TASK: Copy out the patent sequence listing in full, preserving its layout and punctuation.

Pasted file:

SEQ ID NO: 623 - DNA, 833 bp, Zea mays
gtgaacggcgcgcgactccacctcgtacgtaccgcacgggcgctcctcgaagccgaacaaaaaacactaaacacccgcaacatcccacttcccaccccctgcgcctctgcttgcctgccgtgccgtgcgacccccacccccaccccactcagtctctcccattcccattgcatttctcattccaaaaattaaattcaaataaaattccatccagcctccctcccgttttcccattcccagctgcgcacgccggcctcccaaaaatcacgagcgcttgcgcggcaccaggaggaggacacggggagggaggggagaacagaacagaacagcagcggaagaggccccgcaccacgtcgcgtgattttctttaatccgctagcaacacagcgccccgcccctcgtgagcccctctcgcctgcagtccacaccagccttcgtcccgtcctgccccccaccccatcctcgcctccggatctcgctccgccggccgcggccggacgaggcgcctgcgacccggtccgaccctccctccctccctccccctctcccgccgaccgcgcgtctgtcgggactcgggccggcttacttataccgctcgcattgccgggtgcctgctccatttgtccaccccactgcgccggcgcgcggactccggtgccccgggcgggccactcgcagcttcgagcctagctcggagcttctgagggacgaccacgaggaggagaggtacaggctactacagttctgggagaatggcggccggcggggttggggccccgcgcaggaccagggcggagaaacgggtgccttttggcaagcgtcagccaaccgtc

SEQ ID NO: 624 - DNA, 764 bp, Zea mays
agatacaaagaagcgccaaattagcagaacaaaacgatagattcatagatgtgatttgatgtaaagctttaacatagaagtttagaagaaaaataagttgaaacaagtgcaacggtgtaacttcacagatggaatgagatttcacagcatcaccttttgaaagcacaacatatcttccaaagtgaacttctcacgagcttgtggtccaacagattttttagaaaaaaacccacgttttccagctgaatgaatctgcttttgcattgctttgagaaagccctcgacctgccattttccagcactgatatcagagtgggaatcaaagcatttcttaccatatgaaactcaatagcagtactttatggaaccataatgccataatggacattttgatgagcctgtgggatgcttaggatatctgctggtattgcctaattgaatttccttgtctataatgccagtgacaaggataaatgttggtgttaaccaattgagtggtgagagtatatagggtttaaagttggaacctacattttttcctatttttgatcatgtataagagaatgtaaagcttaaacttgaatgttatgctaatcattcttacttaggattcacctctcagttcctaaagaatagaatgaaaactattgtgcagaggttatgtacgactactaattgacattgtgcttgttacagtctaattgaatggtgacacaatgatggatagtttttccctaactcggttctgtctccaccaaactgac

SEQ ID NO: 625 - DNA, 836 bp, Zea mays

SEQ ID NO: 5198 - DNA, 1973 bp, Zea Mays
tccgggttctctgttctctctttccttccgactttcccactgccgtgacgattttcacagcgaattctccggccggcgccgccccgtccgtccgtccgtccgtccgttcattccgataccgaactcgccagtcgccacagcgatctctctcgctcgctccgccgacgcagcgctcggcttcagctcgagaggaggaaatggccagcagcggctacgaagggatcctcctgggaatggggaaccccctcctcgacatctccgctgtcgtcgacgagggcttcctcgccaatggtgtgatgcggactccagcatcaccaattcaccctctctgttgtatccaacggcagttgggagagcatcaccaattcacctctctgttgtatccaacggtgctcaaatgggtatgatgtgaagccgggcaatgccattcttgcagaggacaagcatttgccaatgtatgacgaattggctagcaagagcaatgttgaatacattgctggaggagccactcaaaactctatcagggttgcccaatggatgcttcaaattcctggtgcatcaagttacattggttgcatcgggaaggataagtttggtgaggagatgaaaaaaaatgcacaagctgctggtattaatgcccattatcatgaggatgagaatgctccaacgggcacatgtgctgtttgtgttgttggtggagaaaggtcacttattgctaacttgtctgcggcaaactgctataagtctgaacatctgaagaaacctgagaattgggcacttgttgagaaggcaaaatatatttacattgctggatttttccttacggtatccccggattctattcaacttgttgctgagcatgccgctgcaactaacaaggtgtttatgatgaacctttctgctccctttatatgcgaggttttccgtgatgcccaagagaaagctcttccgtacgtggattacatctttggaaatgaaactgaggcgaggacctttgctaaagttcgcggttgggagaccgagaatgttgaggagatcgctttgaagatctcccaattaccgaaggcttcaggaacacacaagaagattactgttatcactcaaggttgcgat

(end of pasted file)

SEQ ID NO: 623 - DNA, 833 bp, Zea mays
gtgaacggcgcgcgactccacctcgtacgtaccgcacgggcgctcctcgaagccgaacaaaaaacactaaacacccgcaacatcccacttcccaccccctgcgcctctgcttgcctgccgtgccgtgcgacccccacccccaccccactcagtctctcccattcccattgcatttctcattccaaaaattaaattcaaataaaattccatccagcctccctcccgttttcccattcccagctgcgcacgccggcctcccaaaaatcacgagcgcttgcgcggcaccaggaggaggacacggggagggaggggagaacagaacagaacagcagcggaagaggccccgcaccacgtcgcgtgattttctttaatccgctagcaacacagcgccccgcccctcgtgagcccctctcgcctgcagtccacaccagccttcgtcccgtcctgccccccaccccatcctcgcctccggatctcgctccgccggccgcggccggacgaggcgcctgcgacccggtccgaccctccctccctccctccccctctcccgccgaccgcgcgtctgtcgggactcgggccggcttacttataccgctcgcattgccgggtgcctgctccatttgtccaccccactgcgccggcgcgcggactccggtgccccgggcgggccactcgcagcttcgagcctagctcggagcttctgagggacgaccacgaggaggagaggtacaggctactacagttctgggagaatggcggccggcggggttggggccccgcgcaggaccagggcggagaaacgggtgccttttggcaagcgtcagccaaccgtc

SEQ ID NO: 624 - DNA, 764 bp, Zea mays
agatacaaagaagcgccaaattagcagaacaaaacgatagattcatagatgtgatttgatgtaaagctttaacatagaagtttagaagaaaaataagttgaaacaagtgcaacggtgtaacttcacagatggaatgagatttcacagcatcaccttttgaaagcacaacatatcttccaaagtgaacttctcacgagcttgtggtccaacagattttttagaaaaaaacccacgttttccagctgaatgaatctgcttttgcattgctttgagaaagccctcgacctgccattttccagcactgatatcagagtgggaatcaaagcatttcttaccatatgaaactcaatagcagtactttatggaaccataatgccataatggacattttgatgagcctgtgggatgcttaggatatctgctggtattgcctaattgaatttccttgtctataatgccagtgacaaggataaatgttggtgttaaccaattgagtggtgagagtatatagggtttaaagttggaacctacattttttcctatttttgatcatgtataagagaatgtaaagcttaaacttgaatgttatgctaatcattcttacttaggattcacctctcagttcctaaagaatagaatgaaaactattgtgcagaggttatgtacgactactaattgacattgtgcttgttacagtctaattgaatggtgacacaatgatggatagtttttccctaactcggttctgtctccaccaaactgac

SEQ ID NO: 625 - DNA, 836 bp, Zea mays

SEQ ID NO: 5198 - DNA, 1973 bp, Zea Mays
tccgggttctctgttctctctttccttccgactttcccactgccgtgacgattttcacagcgaattctccggccggcgccgccccgtccgtccgtccgtccgtccgttcattccgataccgaactcgccagtcgccacagcgatctctctcgctcgctccgccgacgcagcgctcggcttcagctcgagaggaggaaatggccagcagcggctacgaagggatcctcctgggaatggggaaccccctcctcgacatctccgctgtcgtcgacgagggcttcctcgccaatggtgtgatgcggactccagcatcaccaattcaccctctctgttgtatccaacggcagttgggagagcatcaccaattcacctctctgttgtatccaacggtgctcaaatgggtatgatgtgaagccgggcaatgccattcttgcagaggacaagcatttgccaatgtatgacgaattggctagcaagagcaatgttgaatacattgctggaggagccactcaaaactctatcagggttgcccaatggatgcttcaaattcctggtgcatcaagttacattggttgcatcgggaaggataagtttggtgaggagatgaaaaaaaatgcacaagctgctggtattaatgcccattatcatgaggatgagaatgctccaacgggcacatgtgctgtttgtgttgttggtggagaaaggtcacttattgctaacttgtctgcggcaaactgctataagtctgaacatctgaagaaacctgagaattgggcacttgttgagaaggcaaaatatatttacattgctggatttttccttacggtatccccggattctattcaacttgttgctgagcatgccgctgcaactaacaaggtgtttatgatgaacctttctgctccctttatatgcgaggttttccgtgatgcccaagagaaagctcttccgtacgtggattacatctttggaaatgaaactgaggcgaggacctttgctaaagttcgcggttgggagaccgagaatgttgaggagatcgctttgaagatctcccaattaccgaaggcttcaggaacacacaagaagattactgttatcactcaaggttgcgat